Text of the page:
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The financial practices and perceptions behind separate systems of household financial management

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Title: The financial practices and perceptions behind separate systems of household financial management Author: Katherine Ashby Last modified by – PowerPoint PPT presentation

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Title: The financial practices and perceptions behind separate systems of household financial management


1
The financial practices and perceptions behind
separate systems of household financial
management
  • Dr Katherine Ashby,
  • Faculty of Law and Social Sciences, SOAS,
    University of London.

2
Overview
  • Why investigate money management
  • Money management of cohabiting couples
  • Qualitative findings
  • Survey study findings
  • Conclusions
  • Directions for future research

3
Why investigate the household financial
management of unmarried cohabitants?
  • 25 of all unmarried heterosexuals in the UK aged
    16-59 yrs were cohabiting in 2002 (National
    Statistics, 2004)
  • Current policy debates surrounding the legal
    financial rights and obligations of cohabitants
  • How money management fits in
  • Stack versus Dowden (2007)

4
Money management of cohabiting couples
  • Cohabitants are more likely to use separate
    systems of money management (Elizabeth, 2001
    Vogler, 2005).
  • Independent management - no joint sources of
    money
  • Partial pooling - income paid into separate
    accounts, joint pool for household expenses
  • Qualitative study with 18 cohabiting couples
    explored meanings and practices behind separate
    systems

5
Behind the category labels Meanings and practices
  • Three ownership groups
  • Shared
  • Blurred
  • Distinct
  • 14/18 used IM
  • 3/18 used PP
  • Potential for variation in financial practices
  • Money held in separate accounts could be seen as
    belonging to both partners

6

Ownership perceptions
DISTINCT
  • Separate financial entities
  • Viewed and treated money in an independent way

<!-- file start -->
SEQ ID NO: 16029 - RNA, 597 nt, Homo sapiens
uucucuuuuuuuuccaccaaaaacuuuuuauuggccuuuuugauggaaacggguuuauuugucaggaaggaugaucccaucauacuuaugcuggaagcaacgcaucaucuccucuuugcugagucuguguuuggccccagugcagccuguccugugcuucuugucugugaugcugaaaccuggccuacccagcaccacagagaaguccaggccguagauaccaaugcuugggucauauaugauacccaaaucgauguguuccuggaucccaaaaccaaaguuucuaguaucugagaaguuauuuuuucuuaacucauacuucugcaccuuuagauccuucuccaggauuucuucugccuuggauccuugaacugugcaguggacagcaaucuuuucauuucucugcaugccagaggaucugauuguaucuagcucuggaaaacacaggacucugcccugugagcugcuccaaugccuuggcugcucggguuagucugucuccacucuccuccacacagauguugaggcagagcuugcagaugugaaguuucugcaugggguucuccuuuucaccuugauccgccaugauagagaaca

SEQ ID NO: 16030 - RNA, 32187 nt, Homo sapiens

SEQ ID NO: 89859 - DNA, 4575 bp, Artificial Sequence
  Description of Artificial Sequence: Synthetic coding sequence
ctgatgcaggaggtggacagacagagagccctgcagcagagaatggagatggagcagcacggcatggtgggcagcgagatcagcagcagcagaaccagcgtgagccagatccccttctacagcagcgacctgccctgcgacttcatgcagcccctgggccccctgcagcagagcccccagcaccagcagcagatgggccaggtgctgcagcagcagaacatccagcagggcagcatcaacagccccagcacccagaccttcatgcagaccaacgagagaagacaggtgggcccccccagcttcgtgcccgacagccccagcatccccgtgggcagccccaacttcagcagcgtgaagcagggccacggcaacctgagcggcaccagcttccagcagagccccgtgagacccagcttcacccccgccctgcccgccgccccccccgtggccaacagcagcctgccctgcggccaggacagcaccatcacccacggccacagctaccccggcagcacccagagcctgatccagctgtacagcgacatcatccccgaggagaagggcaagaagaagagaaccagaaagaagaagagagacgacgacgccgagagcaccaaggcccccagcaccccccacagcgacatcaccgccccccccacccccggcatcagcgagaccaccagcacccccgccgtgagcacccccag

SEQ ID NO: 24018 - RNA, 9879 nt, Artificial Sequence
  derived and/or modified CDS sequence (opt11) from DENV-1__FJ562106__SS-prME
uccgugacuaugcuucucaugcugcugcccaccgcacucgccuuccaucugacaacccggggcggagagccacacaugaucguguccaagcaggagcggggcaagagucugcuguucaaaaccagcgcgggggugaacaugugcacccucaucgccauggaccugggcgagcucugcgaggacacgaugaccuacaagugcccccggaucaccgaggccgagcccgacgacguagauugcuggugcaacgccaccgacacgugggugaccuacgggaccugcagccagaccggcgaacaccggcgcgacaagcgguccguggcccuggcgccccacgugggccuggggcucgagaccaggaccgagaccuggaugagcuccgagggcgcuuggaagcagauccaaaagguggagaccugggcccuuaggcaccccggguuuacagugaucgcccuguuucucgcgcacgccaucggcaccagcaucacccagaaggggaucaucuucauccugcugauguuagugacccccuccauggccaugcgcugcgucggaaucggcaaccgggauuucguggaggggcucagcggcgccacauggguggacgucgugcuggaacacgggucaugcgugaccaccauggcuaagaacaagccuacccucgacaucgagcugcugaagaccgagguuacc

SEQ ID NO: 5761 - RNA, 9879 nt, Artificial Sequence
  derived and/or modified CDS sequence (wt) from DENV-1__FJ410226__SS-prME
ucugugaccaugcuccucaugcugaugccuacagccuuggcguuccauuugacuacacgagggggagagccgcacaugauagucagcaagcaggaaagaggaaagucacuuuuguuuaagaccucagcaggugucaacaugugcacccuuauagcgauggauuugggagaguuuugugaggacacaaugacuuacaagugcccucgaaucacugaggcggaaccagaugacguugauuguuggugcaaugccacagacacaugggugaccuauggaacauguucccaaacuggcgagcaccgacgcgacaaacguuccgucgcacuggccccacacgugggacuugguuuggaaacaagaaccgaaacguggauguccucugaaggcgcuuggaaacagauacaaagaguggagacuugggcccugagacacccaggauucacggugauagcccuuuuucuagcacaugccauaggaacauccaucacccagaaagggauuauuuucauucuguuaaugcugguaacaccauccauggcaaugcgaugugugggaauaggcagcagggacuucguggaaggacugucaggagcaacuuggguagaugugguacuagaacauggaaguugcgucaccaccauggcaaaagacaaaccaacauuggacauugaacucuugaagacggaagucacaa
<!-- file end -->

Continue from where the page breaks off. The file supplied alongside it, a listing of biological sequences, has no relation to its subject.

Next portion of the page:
• Paid back any money they borrowed
  • Own responsibility to pay for joint expenses
  • Less clear sense of who owned the money
  • Viewed money as really there for their partner
    and for the relationship
  • Give versus loan money
  • More flexible about paying for joint expenses
  • Expressed a very strong view that all (or nearly
    all) of the money coming into the household was
    jointly owned
  • Joint decision how the money in each account was
    used
  • Separate accounts were not private

BLURRED
COLLECTIVE
7
Summary and implications of qualitative findings
  • Diversity hidden under category labels of IM and
    PP
  • Imply a level of separateness many couples do not
    have
  • Moving beyond typology to include perceptions of
    ownership

8
Survey study
  • Conducted online
  • 190 cohabitants
  • Divided into 11 sections, including detailed look
    at financial arrangements and perceptions of
    ownership
  • Female viewpoint
  • Dual earners, without children

9
Ownership perceptions in the survey study
  • I would say that overall I see the money that I
    earn as money for the relationship, rather than
    just my money
  • I would say my partner and I usually just give
    rather than loan each other money
  • We see ourselves as separate from each other
    financially
  • 8 items averaged to create a measure of ownership
    perceptions (a .88)
  • Categorical variable also created by dividing the
    scale into 3 categories Shared, blurred and
    distinct

10
Money management system by ownership perceptions
11
Regression
  • First step - children
    under 18 years (yes/no)
    - earning disparity (one partner earns a
    great deal more, one partner earns slightly more,
    earn roughly the same)
  • Second step - ownership
    perceptions (scores 1-5)
  • Hierarchical logistic regression analyses
  • Predictors of cohabitants using separate systems
    making equal or different contributions to joint
    household expenses

12
Regression
13
Predicting equal (compared to different)
contributions
  • Cohabitants who earn roughly the same amount as
    their partner, and perceive money as more
    distinctly (separately) owned are more likely to
    make equal contributions towards household
    expenses.
  • When one partner earns a great deal more than the
    other and money is perceived as more shared,
    cohabitants are more likely to make different
    contributions.

14
Meanings and practices behind separate systems
  • Vogler et al (2008) - separate systems reflecting
    a desire by higher earner to retain greater
    access to and control over money?
  • Looking at practices and perceptions behind
    category labels in detail indicates this is not
    always the case
  • Earning disparity and different contributions
  • Extent partners feel they have separate control
    seems to depends on how they perceive ownership
    of money

15
Summary and conclusions
  • Limitations
  • Strength - detailed financial information
  • Typology not always able to capture how those
    using separate systems perceive and handle money
  • Qualitative study provided rich base of data from
    which to develop survey study

16
Directions for the future
  • Rigorous testing in future research
  • Fruitful and novel way of capturing detailed
    financial information that researchers have not
    previously been able to capture in quantitative
    research
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